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lol I also dont heavily discourage the biting and mouthing, use tug games from an early age to teach my pups impulse control with the biting. I actually like the bitey-ness qith the proper outlets...... I havent had much issue with jumping and nipping past a few months old, but I think my general lifestyle reinforces the obedience side of things.
I do think @DriveDogs methods of dealing with these things are spot on. Replacing one behavior with a more polite one is in general how I shape my dogs into what I want. The german shepherds I've had seem to constantly need something to be doing, and giving them a replacement behavior seems to work better for me than just trying to stop them from doing something altogether
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Old 11-14-2017, 07:58 AM
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My border collie mix did this a lot when he was a puppy. The only things that stopped it from happening was a lot of patience and ignoring him. If he started getting jumpy with me, I would fold my arms and turn away from him. He'd usually sit down out of confusion but I would turn back around and praise him. Took probably about 6 months to sink in, but he doesn't do it anymore.
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Old 11-14-2017, 09:04 AM
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Originally Posted by Borg34572 View Post
But yeah maybe someone on here can give advice on how to handle this phase . It would be greatly appreciated . Thanks
Besides what I have already added to the specific situation, I think in general when a pup reaches this phase of retesting boundaries and exhibiting previous undesirable behaviors, one has to "up the ante". I suppose there are numerous ways to accomplish this. One method which would be in accordance with this forum's theme would be using the NILIF protocol. Doggy wants, doggy earns it, nothing comes for free without some level of capitulation or demonstrated obedience. I'm not certain if self reinforcing/rewarding behavior escalates during this phase due to age but it does seem to reappear or become more obvious. I think it is important for the dog to learn where proper reward comes from and certainly the most satisfying rewards should be coming from you of course.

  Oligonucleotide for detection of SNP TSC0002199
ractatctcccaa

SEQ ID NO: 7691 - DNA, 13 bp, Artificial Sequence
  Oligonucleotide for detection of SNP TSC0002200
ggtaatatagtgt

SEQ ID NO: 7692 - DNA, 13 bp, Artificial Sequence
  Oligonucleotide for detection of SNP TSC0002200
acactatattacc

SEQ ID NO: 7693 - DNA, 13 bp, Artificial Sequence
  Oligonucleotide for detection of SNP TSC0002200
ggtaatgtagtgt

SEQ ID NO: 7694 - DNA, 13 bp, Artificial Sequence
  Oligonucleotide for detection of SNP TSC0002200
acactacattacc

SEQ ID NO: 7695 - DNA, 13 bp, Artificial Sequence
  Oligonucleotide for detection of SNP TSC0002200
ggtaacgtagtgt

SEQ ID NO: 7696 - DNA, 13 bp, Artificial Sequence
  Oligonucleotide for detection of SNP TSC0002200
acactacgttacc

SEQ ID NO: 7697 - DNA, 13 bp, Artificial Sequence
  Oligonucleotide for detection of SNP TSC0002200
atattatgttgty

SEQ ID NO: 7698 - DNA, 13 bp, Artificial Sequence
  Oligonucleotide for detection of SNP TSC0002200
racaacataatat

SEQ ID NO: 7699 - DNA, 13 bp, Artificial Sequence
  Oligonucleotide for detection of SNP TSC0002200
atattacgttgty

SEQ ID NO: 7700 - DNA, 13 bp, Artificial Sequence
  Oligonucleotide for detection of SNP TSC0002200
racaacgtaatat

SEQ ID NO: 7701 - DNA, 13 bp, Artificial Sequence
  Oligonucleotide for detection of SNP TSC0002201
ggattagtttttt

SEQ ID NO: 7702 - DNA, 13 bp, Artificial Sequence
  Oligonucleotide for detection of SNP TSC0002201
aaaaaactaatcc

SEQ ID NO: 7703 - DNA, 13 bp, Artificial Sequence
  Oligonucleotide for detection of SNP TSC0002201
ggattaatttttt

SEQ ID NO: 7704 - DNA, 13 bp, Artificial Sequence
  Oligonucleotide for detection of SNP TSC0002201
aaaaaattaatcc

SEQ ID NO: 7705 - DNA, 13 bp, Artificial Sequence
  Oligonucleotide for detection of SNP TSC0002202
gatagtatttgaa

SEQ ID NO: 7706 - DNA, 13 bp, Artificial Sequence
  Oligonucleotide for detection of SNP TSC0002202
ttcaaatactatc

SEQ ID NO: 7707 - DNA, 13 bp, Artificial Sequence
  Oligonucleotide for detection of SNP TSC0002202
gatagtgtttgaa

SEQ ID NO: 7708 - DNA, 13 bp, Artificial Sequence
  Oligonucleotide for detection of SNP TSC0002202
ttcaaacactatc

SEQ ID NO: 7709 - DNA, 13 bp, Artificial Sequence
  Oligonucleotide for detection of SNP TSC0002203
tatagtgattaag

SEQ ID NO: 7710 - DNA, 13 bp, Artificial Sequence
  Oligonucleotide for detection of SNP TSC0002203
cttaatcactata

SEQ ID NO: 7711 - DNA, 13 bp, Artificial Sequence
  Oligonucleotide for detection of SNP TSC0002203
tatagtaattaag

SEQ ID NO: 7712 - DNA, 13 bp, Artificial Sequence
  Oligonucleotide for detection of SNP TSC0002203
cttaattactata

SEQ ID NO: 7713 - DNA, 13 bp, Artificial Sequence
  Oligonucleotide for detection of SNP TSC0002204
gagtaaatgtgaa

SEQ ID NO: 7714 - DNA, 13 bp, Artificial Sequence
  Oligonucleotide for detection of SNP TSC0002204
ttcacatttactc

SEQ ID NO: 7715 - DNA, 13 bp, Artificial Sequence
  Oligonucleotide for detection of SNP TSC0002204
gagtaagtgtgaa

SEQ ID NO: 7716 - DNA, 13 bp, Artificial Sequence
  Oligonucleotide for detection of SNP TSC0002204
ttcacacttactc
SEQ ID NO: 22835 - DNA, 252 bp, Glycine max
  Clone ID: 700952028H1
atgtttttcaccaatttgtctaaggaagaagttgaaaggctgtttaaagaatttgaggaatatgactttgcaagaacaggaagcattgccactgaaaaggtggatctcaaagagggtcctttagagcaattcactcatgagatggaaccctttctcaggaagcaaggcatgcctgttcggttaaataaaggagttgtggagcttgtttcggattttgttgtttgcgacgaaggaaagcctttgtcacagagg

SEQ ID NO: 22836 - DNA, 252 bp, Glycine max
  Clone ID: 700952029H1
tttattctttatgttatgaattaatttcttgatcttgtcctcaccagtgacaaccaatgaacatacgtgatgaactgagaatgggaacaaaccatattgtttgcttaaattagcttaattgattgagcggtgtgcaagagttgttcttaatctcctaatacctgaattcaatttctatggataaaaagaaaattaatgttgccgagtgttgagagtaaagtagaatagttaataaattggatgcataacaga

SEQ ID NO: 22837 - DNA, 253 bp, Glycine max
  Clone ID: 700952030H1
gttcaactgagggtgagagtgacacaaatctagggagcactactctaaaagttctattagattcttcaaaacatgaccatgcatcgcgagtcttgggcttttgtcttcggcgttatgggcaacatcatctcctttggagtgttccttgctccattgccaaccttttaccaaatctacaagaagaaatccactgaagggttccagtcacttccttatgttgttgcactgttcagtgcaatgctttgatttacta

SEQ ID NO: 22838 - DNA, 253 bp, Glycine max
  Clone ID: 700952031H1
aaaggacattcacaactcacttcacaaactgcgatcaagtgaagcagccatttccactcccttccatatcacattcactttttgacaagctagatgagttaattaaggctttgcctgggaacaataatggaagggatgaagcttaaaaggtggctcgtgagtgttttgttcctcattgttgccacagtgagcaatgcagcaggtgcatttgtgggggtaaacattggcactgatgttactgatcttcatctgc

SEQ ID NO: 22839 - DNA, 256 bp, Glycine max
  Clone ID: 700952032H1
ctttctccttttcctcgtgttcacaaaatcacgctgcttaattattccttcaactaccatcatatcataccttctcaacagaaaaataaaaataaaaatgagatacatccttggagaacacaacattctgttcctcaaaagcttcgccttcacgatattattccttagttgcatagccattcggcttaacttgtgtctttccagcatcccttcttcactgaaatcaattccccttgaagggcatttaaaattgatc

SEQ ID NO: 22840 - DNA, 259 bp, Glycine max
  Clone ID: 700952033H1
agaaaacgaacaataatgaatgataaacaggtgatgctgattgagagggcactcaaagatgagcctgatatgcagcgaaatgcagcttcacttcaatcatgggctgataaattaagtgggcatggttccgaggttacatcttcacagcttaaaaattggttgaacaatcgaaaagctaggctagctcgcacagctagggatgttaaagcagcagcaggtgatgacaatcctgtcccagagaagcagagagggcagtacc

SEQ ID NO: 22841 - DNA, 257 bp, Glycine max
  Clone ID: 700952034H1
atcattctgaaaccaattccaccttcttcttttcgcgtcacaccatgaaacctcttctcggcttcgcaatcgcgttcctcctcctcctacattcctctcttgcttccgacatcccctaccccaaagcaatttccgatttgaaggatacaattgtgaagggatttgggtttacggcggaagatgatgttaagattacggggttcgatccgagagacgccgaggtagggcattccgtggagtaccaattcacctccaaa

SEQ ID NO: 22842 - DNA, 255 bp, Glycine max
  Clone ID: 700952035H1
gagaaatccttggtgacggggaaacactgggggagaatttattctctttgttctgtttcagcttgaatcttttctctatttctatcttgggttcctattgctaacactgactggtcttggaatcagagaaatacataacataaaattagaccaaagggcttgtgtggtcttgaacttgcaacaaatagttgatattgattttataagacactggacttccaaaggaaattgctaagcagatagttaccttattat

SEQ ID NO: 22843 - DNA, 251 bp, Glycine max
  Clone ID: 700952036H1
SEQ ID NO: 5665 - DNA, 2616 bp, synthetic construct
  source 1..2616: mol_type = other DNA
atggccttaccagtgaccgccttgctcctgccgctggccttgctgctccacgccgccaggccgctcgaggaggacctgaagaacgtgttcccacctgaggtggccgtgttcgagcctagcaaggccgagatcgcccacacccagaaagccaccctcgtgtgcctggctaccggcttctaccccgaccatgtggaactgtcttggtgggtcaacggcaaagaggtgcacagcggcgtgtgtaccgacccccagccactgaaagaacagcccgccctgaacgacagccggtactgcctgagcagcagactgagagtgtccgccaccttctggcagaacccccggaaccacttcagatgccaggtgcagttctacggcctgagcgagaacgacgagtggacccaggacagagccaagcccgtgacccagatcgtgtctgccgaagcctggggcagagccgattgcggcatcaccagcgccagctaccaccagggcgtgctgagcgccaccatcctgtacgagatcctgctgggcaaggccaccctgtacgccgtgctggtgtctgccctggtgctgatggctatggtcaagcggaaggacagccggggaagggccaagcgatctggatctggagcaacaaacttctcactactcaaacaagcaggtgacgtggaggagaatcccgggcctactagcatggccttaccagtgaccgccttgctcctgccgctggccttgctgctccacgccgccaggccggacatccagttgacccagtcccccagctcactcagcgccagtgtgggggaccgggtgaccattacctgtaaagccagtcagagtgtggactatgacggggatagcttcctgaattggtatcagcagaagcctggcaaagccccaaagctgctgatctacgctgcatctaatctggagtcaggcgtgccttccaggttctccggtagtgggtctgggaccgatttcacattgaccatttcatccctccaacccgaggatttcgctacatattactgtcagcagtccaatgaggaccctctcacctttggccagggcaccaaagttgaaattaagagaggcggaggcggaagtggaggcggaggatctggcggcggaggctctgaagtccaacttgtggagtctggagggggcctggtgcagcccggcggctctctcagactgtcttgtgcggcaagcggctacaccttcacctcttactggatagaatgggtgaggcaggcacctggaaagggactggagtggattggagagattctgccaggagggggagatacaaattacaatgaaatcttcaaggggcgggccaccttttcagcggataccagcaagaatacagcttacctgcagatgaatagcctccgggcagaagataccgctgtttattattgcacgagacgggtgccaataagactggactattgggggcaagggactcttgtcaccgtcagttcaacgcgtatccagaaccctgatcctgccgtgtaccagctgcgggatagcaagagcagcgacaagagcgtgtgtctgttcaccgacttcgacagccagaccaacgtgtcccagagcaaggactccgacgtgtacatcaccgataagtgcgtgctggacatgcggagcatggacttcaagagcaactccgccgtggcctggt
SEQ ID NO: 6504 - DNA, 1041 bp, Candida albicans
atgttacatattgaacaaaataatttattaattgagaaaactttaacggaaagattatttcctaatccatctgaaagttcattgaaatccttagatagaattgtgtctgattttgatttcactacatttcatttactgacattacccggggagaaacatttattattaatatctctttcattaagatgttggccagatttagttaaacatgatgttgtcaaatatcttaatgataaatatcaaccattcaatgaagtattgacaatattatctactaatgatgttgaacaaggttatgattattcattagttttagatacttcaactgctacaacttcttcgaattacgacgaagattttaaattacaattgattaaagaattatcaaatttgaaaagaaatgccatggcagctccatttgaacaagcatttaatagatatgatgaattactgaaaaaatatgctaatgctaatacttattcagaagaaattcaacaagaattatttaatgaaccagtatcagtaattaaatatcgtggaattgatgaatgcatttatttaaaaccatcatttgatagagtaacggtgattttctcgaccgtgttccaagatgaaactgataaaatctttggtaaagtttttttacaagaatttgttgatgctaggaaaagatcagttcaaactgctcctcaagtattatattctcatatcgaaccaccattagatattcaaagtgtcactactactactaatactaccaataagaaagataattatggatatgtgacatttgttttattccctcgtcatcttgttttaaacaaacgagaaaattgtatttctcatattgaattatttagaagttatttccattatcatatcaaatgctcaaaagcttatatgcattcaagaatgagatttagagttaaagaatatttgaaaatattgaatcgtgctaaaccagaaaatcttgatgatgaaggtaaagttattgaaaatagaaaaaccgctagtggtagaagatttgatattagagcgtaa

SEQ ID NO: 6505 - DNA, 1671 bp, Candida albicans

I also believe this phase tests the handler's resolve and patience and it can run the risk of creating avoidance behaviors in the dog if the handler becomes frustrated and loses their composure. Also, I've seen too many start to reissue commands when they previously didn't have to, essentially they start asking the dog, hoping for results and this will quickly be learned by the dog and most likely continue forward as S.O.P.

In a nutshell, up the obedience training and if one is still reliant on the use of food rewards, it's a wonderful time to begin weaning the dog off them and use more of your "approval" to let the dog know job well done.
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Old 11-14-2017, 09:05 AM
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Originally Posted by chibicricket View Post
Took probably about 6 months to sink in, but he doesn't do it anymore.

I'm glad it worked out for you and I most certainly applaud your patience!